How to protect your child from online grooming and sexual abuse

If you are concerned about junior’s safety on the Internet, prevent them from becoming a victim of online sexual grooming.

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Chills must have run down the spine of many parents last Friday on reading about the 25-year-old Singapore warehouse assistant who was jailed for 8 months after being convicted of engaging in a sexual act with a 13-year-old girl at a staircase of a multi-storey car park. He had met her through Instagram and Facebook

In an age where computers and mobile phones seem to rule the world, parents should realise that online sexual grooming is one of the Web’s biggest threats. Indeed, they’ll need to know how to protect their children from such dangers.  

Shem Yao, senior coach at TOUCH Cyber Wellness, explains the term, “Grooming is the act of building up a trusting and emotional relationship with a minor, usually with the purpose of sexual exploitation, gratification or abuse. Online sexual grooming is the act of grooming through an online platform, such as social media or messaging platforms.”

In recent years, Singapore has an escalation in online grooming offences. In April this year, a 20-year-old was convicted for befriending girls as young as 12 on social media, then committing various sexual offences against more than 10 of them.

In December last year, a 45-year-old man was also jailed for sexually grooming a 14-year-old, whom he kept in contact with via Facebook. The Association of Women for Action and Research (Aware) has also seen a rise in cases of sexual abuse, with a spike in online cases.

This is what you need to know about keeping your children safe from becoming victims of online grooming.

“Grooming is the act of building up a trusting and emotional relationship with a minor, usually with the purpose of sexual exploitation, gratification or abuse.”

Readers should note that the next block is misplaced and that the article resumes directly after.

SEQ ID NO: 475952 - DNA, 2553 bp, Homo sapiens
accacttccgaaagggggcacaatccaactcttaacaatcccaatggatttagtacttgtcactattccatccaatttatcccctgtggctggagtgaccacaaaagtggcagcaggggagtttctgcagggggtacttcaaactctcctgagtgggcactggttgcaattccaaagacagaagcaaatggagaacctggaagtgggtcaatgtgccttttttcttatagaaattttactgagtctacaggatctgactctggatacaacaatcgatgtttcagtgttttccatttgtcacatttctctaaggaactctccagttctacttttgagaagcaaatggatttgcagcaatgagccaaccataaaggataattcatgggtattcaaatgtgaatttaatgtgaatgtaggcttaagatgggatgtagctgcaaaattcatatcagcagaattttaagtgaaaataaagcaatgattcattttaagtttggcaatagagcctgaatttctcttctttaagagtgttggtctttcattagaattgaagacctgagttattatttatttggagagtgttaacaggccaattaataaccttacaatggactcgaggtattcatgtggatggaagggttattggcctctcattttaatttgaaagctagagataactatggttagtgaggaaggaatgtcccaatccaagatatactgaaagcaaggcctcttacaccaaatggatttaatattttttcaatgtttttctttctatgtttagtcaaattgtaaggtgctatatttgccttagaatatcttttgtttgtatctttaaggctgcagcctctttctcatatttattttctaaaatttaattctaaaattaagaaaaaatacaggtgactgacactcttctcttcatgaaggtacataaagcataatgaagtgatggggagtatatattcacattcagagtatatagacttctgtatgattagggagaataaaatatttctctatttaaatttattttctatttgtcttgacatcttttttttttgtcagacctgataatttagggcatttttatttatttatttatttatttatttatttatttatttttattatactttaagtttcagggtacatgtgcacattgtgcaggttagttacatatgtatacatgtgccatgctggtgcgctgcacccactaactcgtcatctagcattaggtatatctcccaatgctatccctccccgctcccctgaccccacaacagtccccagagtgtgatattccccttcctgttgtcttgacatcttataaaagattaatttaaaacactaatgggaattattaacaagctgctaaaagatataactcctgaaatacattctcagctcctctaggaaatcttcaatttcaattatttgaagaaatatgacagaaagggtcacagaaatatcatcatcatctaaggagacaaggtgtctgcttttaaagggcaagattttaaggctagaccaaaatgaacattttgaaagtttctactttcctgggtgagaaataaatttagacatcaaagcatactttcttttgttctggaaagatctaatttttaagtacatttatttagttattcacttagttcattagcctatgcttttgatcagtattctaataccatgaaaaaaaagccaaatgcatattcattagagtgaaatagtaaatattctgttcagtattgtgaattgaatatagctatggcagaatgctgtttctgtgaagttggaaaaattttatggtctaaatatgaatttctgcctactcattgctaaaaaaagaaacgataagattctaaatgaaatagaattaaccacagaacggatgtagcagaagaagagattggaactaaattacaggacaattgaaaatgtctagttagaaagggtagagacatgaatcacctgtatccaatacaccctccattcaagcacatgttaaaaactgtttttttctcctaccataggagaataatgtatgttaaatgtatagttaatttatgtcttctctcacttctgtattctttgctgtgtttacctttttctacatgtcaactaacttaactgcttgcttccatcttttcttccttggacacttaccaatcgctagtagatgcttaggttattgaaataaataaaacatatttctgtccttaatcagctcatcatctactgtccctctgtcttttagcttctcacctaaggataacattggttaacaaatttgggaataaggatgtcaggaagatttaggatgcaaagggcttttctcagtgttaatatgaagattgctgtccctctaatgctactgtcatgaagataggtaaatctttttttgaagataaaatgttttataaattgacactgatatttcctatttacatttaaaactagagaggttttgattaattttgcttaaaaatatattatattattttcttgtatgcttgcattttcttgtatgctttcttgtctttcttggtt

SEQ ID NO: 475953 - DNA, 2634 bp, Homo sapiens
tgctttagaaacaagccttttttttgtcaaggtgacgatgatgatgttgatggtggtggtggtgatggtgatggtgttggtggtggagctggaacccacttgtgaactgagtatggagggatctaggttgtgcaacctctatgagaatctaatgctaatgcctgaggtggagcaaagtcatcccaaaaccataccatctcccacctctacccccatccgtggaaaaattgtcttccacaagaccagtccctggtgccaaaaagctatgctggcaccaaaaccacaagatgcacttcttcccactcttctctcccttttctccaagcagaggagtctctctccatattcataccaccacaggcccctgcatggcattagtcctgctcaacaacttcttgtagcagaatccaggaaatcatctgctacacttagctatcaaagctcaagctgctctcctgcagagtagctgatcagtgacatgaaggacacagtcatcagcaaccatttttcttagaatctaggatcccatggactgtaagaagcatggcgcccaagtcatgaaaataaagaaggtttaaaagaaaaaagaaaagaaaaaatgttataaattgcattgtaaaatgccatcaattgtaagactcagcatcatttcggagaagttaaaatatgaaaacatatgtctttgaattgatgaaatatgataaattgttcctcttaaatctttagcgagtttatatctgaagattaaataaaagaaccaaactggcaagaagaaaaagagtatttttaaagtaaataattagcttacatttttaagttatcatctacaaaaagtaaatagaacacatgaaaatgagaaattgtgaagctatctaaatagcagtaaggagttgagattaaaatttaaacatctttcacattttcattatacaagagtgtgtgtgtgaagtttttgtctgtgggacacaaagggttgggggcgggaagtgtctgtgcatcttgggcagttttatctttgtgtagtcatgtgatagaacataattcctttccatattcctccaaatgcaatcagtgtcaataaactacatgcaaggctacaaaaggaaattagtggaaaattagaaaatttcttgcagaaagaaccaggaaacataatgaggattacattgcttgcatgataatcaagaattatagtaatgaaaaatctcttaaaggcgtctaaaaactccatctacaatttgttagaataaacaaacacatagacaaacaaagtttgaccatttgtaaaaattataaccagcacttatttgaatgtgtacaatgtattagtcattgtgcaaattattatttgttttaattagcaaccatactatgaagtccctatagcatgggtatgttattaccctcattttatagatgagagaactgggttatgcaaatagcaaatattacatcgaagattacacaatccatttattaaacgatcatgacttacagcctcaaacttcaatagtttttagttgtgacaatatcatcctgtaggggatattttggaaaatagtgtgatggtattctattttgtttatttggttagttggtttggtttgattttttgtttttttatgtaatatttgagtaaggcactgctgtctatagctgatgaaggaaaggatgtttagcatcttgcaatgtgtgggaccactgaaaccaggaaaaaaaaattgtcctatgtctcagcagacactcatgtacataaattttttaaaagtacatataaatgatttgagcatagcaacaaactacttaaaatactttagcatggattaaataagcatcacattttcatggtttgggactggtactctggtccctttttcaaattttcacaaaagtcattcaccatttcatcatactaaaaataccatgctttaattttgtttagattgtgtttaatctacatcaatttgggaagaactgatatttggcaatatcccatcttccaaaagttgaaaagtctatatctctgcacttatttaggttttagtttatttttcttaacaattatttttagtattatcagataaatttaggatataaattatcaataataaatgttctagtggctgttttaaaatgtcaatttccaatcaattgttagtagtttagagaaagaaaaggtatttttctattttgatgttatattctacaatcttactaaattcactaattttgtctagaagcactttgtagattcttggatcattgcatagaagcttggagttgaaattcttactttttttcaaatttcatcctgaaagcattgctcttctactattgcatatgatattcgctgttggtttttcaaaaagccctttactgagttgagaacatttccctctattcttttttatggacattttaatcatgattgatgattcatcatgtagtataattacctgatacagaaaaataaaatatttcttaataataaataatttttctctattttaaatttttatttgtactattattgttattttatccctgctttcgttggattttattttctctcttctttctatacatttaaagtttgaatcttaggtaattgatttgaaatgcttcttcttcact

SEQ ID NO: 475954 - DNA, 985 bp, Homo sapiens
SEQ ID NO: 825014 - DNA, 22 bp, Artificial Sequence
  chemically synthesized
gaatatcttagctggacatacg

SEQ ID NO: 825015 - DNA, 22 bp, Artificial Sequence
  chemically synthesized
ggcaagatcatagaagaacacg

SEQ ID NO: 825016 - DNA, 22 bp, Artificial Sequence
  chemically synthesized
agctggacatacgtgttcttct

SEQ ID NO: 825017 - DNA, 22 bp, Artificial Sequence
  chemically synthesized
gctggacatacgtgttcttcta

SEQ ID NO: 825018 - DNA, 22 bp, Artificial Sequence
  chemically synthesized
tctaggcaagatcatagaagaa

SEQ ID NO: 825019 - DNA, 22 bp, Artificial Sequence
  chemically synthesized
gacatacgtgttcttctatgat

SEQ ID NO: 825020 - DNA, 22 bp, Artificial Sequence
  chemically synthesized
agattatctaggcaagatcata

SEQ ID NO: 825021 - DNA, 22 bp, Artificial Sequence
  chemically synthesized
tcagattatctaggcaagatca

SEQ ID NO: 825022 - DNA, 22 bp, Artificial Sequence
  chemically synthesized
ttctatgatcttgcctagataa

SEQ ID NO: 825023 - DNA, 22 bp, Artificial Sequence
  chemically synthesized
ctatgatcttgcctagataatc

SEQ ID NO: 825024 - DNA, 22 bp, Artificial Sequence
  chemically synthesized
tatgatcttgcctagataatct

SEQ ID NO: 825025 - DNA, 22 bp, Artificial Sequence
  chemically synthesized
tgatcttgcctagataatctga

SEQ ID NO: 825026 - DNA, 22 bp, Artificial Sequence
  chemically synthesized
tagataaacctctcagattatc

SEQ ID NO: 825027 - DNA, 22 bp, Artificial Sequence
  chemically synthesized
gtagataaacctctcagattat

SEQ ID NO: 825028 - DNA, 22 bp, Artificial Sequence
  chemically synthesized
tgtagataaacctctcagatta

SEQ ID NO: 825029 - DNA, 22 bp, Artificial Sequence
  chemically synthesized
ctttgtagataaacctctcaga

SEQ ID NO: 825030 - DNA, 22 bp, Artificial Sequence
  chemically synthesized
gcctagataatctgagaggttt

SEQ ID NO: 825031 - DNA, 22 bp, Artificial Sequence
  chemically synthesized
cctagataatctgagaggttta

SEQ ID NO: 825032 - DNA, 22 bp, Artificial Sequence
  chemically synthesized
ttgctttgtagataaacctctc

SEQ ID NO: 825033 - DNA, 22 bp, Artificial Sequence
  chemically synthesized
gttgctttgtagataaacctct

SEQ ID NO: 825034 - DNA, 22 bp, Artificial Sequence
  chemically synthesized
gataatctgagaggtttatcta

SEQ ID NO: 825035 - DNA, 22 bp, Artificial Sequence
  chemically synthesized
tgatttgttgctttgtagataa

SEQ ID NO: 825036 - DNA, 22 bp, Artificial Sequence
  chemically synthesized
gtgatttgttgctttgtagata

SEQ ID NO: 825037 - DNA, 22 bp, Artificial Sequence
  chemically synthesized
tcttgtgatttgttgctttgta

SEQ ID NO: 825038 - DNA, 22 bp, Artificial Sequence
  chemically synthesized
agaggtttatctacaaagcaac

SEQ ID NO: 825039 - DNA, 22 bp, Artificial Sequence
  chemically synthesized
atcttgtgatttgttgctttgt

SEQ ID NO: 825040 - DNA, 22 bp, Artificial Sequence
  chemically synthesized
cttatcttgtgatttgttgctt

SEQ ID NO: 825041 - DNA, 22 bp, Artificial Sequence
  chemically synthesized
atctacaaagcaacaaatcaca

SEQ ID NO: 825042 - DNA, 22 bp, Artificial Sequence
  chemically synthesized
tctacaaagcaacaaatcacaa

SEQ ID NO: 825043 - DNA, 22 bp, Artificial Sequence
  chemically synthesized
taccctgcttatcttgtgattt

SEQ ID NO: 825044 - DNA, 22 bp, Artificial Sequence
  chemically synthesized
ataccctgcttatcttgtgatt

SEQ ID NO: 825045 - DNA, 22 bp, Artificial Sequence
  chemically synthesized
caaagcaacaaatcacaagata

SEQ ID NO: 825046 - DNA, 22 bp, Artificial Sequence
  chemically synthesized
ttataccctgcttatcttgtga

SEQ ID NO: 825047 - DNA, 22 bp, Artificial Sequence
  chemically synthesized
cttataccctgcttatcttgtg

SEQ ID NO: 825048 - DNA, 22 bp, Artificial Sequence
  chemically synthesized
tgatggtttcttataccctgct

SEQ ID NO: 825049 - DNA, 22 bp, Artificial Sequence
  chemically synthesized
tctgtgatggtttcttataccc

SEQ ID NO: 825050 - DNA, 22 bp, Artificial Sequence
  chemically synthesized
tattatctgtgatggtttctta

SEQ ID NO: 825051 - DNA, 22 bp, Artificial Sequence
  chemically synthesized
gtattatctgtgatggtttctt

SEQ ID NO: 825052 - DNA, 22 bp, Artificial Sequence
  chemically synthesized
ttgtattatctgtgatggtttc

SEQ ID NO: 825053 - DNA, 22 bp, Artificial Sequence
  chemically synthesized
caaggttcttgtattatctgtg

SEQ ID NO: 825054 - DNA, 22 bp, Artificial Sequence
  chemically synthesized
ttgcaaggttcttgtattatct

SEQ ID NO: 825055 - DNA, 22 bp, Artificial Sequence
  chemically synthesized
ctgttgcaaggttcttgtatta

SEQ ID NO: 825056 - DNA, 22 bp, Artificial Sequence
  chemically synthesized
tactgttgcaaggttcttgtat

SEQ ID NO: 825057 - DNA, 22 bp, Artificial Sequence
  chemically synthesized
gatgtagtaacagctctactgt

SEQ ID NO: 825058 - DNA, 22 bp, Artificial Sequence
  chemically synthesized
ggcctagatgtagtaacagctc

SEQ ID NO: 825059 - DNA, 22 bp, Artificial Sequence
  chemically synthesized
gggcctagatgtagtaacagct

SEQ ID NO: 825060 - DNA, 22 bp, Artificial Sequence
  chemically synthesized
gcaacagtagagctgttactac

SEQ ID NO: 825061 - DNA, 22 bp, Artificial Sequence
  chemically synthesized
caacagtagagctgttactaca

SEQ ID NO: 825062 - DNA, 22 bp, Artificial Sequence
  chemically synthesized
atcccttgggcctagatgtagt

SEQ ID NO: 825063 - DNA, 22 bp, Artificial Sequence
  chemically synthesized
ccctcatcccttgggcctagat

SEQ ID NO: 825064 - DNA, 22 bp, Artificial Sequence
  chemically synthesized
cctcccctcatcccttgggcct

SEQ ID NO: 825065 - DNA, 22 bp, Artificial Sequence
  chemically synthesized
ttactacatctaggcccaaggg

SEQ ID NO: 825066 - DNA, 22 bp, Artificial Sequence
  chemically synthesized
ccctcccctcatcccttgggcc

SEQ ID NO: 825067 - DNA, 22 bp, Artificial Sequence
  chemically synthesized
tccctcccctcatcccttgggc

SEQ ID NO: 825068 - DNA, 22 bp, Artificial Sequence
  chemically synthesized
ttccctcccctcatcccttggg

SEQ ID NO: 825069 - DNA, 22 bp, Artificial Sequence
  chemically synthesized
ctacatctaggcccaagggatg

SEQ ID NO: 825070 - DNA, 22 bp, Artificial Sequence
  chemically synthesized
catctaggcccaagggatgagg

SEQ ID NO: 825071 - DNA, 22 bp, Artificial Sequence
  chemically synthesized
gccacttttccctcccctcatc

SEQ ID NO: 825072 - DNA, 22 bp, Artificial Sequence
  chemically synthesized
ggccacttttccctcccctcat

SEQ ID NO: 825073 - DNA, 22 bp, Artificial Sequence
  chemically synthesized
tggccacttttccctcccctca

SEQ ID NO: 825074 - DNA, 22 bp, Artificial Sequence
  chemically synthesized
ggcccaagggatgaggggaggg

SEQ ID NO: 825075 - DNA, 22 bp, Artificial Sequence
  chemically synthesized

How prevalent is online grooming in Singapore?

No exact figures are available as regards the number of children who are targeted, but the DQ Institute reports that 16 per cent of children surveyed in Singapore had been involved with online sexual behaviour, states Abdul Rahman Kamarudin, a case worker at MeToYou Cyber Care. Some 12 per cent had also met online strangers in real life, which is linked to grooming.  

He adds, “The Ministry of Social and Family Development reported that child sexual abuse is on the rise, with 181 cases in 2017, an increase from 107 in 2016.”

Another worrying trend is how children as young as age 7 are accessing social media and online gaming sites ― platforms most predators tap. Indeed, the former Media Development Authority reported that 65 per cent of children surveyed in 2015 used social media ― YouTube, Facebook and Instagram are top platforms.

What tactics do predators use to target kids?

Most predators prey on online platforms such as Facebook, Instagram, Snapchat, Twitter, YouTube and even Internet games.

Abdul Rahman notes, “Upon targeting the child, they attempt to catfish (that is, pretending to be someone else, most often picking up an identity that is close to the child’s age). The predator would pretend to have similar interests, treat the child with gifts and shower him or her with attention.”

He explains that these “positive” experiences result in a sense of trust developing between child and predator. Predators then steer conversations towards sexual topics, tricking their victims into having online sexual activity (such as displaying intimate areas over a webcam and sending obscene images) or arranging face-to-face meetings.

Yao says, “Recent cases highlight that many minors are sexually curious but have no proper understanding about sex. Predators prey on their curiosity, engaging in sexual gratification by providing misinformation about topics like sex and masturbation.”